Former GOP Rep Says Trump Has 'Lost His Step,' Republicans Eyeing WH Will See Opening

David Jolly, a former Florida GOP congressman, said Donald Trump had "lost his step" and Republicans who are looking to become a presidential contender in 2024 may see a window of opportunity.

During an interview on Sunday with MSNBC, Jolly spoke about potential GOP candidates who have a shot at the White House, amid speculation that Trump may consider a run himself.

Trump delivered remarks at the North Carolina GOP State Convention on Saturday evening.

"What I saw last night was a boxer who'd lost his step," Jolly said of Trump's appearance in North Carolina. "If you're Kristi Noem, if you're Ron DeSantis, if you're Mike Pompeo, I think you saw your opening last night."

Jolly's comments follow recent false claims by pro-Trump attorney Sidney Powell and MyPillow CEO Mike Lindell that Trump could be reinstated into the White House. But many in the GOP, including Trump's 2016 campaign manager Corey Lewandowski, have dismissed the claims.

According to Ballotpedia, there are currently 23 politicians who are potential Republican presidential candidates. Among those listed include the candidates Jolly singled out during his interview.

David Jolly
WASHINGTON, DC - MARCH 13: U.S. Representative-elect David Jolly (R-FL) participates in a ceremonial swearing-in photo opportunity March 13, 2014 on Capitol Hill in Washington, DC. Jolly spoke in an interview with MSNBC about potential Republicans to replace Donald Trump as the leader of their party. Alex Wong/Getty Images

South Dakota Governor Kristi Noem has voiced her disagreements with President Joe Biden's policies on Twitter, including an interview where she discussed the cancellation of the fireworks on July 3 at Mount Rushmore.

In her tweet, Noem described Biden's decision to cancel the fireworks as "arbitrary and unlawful," vowing to appeal for the fireworks again in 2022.

The fight isn't over. We'll be appealing to return fireworks to Mount Rushmore in 2022 and in the future.

The decision to cancel them was arbitrary and unlawful.

— Governor Kristi Noem (@govkristinoem) June 4, 2021

Noem has been seen as a staunch supporter of Trump during his presidency, and came second in a straw poll of candidates should Trump not make a bid for 2024, according to The New York Times.

Florida Governor Ron DeSantis received 43 percent of the vote in the same straw poll, ahead of Noem's 11 percent. DeSantis signed a bill in early May that would implement stricter voting rules, including changes to ID requirements for votes by mail and limits on who can pick up and return a voter's ballots.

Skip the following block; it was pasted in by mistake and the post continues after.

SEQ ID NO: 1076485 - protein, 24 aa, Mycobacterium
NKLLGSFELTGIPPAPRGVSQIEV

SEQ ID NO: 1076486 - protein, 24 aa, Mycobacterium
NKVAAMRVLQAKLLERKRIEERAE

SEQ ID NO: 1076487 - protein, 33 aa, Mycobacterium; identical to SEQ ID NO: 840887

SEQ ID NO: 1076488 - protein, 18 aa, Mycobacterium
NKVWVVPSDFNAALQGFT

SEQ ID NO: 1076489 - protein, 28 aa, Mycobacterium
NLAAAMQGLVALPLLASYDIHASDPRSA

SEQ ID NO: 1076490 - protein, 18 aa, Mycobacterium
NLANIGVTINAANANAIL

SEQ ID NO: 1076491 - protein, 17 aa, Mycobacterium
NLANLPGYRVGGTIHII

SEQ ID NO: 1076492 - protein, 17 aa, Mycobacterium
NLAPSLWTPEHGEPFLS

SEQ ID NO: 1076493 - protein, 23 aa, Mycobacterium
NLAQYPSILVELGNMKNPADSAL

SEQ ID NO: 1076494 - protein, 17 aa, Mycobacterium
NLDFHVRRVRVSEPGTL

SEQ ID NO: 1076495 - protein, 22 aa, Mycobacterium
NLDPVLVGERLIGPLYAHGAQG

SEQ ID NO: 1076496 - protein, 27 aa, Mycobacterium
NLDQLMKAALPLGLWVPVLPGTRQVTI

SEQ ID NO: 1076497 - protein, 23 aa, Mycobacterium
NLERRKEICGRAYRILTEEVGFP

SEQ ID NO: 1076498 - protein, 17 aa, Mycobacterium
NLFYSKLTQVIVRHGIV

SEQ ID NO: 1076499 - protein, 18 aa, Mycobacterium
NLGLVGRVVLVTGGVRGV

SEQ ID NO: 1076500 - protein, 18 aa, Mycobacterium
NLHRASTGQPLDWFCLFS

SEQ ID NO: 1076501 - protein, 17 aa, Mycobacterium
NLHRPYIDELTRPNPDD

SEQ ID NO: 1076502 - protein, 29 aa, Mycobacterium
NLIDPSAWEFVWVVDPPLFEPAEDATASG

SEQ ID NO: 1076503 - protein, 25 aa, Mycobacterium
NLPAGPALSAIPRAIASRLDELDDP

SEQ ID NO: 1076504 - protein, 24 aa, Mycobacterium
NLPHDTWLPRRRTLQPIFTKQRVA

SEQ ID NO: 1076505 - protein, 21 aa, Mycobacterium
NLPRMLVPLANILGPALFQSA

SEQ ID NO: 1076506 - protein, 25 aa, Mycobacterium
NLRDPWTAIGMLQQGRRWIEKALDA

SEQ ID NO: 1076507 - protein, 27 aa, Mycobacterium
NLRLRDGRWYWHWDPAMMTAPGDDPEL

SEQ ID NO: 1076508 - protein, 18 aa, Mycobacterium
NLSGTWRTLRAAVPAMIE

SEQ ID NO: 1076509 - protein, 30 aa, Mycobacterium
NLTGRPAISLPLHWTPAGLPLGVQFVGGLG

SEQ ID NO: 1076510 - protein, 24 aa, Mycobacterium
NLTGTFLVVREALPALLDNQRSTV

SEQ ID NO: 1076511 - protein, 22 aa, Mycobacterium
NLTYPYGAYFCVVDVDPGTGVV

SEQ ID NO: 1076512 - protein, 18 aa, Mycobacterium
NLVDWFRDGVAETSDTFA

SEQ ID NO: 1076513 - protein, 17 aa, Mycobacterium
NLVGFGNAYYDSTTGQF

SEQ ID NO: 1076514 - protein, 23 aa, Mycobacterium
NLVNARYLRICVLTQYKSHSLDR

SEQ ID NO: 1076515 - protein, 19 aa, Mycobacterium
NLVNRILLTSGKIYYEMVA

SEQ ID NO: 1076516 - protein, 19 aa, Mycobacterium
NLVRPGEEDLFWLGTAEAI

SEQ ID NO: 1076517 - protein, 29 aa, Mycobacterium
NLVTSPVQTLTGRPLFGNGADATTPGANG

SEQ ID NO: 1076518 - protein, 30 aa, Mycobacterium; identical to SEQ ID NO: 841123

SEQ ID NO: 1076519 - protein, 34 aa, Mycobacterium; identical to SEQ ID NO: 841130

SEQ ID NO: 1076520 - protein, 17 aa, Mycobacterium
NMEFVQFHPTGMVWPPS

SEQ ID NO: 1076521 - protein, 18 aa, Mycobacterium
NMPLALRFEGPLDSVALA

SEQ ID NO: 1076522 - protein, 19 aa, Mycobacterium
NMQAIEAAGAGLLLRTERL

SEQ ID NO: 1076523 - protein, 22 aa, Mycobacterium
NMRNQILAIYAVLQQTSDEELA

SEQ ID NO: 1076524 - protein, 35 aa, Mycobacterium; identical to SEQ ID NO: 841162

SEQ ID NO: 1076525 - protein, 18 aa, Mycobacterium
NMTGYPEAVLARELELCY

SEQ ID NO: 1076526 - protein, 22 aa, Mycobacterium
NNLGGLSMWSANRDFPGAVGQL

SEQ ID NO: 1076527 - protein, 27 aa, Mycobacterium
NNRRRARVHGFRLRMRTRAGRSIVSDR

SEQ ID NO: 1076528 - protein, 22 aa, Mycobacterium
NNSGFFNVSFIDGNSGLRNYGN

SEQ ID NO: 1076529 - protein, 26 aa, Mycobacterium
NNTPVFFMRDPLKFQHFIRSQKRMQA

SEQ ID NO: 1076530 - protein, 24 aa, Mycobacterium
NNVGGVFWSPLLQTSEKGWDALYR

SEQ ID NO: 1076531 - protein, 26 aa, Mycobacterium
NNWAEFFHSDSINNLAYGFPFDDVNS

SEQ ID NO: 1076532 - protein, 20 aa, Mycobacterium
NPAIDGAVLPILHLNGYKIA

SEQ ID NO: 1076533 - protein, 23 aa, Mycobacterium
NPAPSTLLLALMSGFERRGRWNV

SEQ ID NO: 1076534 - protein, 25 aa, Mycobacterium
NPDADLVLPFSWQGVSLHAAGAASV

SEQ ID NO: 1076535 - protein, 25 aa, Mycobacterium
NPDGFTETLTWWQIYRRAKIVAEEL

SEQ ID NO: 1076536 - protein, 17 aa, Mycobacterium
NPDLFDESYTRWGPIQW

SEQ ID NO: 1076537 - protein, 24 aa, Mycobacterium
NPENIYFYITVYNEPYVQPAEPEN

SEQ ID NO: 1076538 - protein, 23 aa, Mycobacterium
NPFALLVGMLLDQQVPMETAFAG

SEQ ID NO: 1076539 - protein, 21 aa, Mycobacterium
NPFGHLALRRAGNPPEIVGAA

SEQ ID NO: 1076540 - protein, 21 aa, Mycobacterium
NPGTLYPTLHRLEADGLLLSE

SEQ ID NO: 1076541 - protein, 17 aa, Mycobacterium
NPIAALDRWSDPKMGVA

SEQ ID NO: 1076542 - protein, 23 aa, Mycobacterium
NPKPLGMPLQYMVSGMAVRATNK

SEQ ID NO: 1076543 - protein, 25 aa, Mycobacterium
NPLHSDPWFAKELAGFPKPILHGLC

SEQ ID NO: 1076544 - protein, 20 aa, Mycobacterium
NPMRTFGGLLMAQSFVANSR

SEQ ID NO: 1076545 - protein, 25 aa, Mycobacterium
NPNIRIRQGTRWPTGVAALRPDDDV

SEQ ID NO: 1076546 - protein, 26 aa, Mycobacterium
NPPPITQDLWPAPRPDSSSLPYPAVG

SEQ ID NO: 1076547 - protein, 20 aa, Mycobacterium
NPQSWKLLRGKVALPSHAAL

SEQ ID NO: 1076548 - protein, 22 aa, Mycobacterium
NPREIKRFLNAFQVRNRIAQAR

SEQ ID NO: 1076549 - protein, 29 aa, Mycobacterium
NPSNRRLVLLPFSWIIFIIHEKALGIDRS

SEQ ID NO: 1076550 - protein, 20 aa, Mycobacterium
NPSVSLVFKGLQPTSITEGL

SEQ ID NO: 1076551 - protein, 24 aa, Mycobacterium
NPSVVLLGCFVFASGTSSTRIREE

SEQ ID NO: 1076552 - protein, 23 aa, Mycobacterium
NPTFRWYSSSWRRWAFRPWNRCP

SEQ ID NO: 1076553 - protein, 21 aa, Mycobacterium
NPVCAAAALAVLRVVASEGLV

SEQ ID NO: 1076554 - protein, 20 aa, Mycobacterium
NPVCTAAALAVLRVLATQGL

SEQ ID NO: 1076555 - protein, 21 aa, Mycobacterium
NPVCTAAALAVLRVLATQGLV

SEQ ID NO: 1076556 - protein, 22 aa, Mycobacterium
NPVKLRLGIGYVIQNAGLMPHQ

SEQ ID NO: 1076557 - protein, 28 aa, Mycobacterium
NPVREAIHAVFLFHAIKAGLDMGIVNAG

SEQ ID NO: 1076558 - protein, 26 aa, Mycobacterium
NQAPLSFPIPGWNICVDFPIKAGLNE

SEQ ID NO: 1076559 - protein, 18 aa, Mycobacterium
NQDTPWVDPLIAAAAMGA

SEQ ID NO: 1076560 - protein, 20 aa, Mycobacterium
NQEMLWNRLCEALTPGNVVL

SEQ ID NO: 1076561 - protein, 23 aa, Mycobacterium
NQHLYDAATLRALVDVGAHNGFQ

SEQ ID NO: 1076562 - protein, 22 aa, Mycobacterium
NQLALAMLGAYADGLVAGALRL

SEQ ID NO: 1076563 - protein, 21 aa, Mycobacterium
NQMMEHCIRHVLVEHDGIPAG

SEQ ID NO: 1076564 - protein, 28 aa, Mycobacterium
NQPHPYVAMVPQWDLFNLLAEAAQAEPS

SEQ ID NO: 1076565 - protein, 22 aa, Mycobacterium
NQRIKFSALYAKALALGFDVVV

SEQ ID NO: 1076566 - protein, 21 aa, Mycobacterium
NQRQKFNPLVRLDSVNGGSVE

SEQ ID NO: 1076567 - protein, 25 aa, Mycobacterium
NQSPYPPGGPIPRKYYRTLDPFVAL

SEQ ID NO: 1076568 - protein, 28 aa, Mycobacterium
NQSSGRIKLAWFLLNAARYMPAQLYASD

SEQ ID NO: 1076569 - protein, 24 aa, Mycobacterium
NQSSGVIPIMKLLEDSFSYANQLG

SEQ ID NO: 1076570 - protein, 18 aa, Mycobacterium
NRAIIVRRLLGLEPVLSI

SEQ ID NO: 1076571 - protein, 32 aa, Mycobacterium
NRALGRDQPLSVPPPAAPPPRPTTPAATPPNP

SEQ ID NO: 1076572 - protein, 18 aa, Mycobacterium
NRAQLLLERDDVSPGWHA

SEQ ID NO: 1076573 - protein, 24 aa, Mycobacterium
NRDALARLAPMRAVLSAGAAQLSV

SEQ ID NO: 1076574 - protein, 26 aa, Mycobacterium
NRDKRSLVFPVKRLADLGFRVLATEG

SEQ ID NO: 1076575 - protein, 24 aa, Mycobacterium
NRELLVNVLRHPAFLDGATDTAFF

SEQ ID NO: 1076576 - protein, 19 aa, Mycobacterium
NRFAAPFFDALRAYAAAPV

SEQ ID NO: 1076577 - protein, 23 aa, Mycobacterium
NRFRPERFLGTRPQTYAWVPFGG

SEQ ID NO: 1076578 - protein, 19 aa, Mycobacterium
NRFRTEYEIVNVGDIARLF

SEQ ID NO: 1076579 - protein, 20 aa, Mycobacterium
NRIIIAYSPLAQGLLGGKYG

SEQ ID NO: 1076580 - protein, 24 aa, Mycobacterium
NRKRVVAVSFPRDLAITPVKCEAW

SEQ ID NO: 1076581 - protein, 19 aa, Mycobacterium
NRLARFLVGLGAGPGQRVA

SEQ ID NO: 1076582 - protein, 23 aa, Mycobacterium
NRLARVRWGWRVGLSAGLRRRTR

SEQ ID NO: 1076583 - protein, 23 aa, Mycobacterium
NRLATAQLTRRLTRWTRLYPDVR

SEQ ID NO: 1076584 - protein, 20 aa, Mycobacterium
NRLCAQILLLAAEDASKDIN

"Me signing this bill says: Florida, your vote counts, your vote is going to be cast with integrity and transparency and this is a great place for democracy," DeSantis said on Fox News after signing the legislation.

DeSantis has also taken credit for Florida's quick response to the COVID-19 pandemic, and stated he is for opening schools and against mask mandates.

This is Florida:
✅Teacher Bonuses
✅Open Schools
✅Opening Prayer
✅Opening Pledge

— Ron DeSantis (@GovRonDeSantis) May 27, 2021

Mike Pompeo, the former U.S. secretary of state, is one of Jolly's choices as a potential presidential candidate. In the straw poll, he tied with Senator Ted Cruz of Texas at 7 percent each.

Though Pompeo previously stated on Fox News that "I'm always up for a good fight," he has since told NBC affiliate KSNT he did not plan to run for president.

Whether Trump will run again in 2024, or if the GOP candidates mentioned by Jolly will instead take his place if he opts not to, remains to be seen. Biden has confirmed he will be running for re-election in 2024, The New York Times reported.

Kristi Noem
GREENVILLE, NC - JUNE 05: South Dakota Gov. Kristi Noem speaks to attendees at the North Carolina GOP convention on June 5, 2021 in Greenville, North Carolina. Former U.S. President Donald Trump is scheduled to speak at the NCGOP state convention in one of his first high-profile public appearances since leaving the White House in January. Melissa Sue Gerrits/Getty Images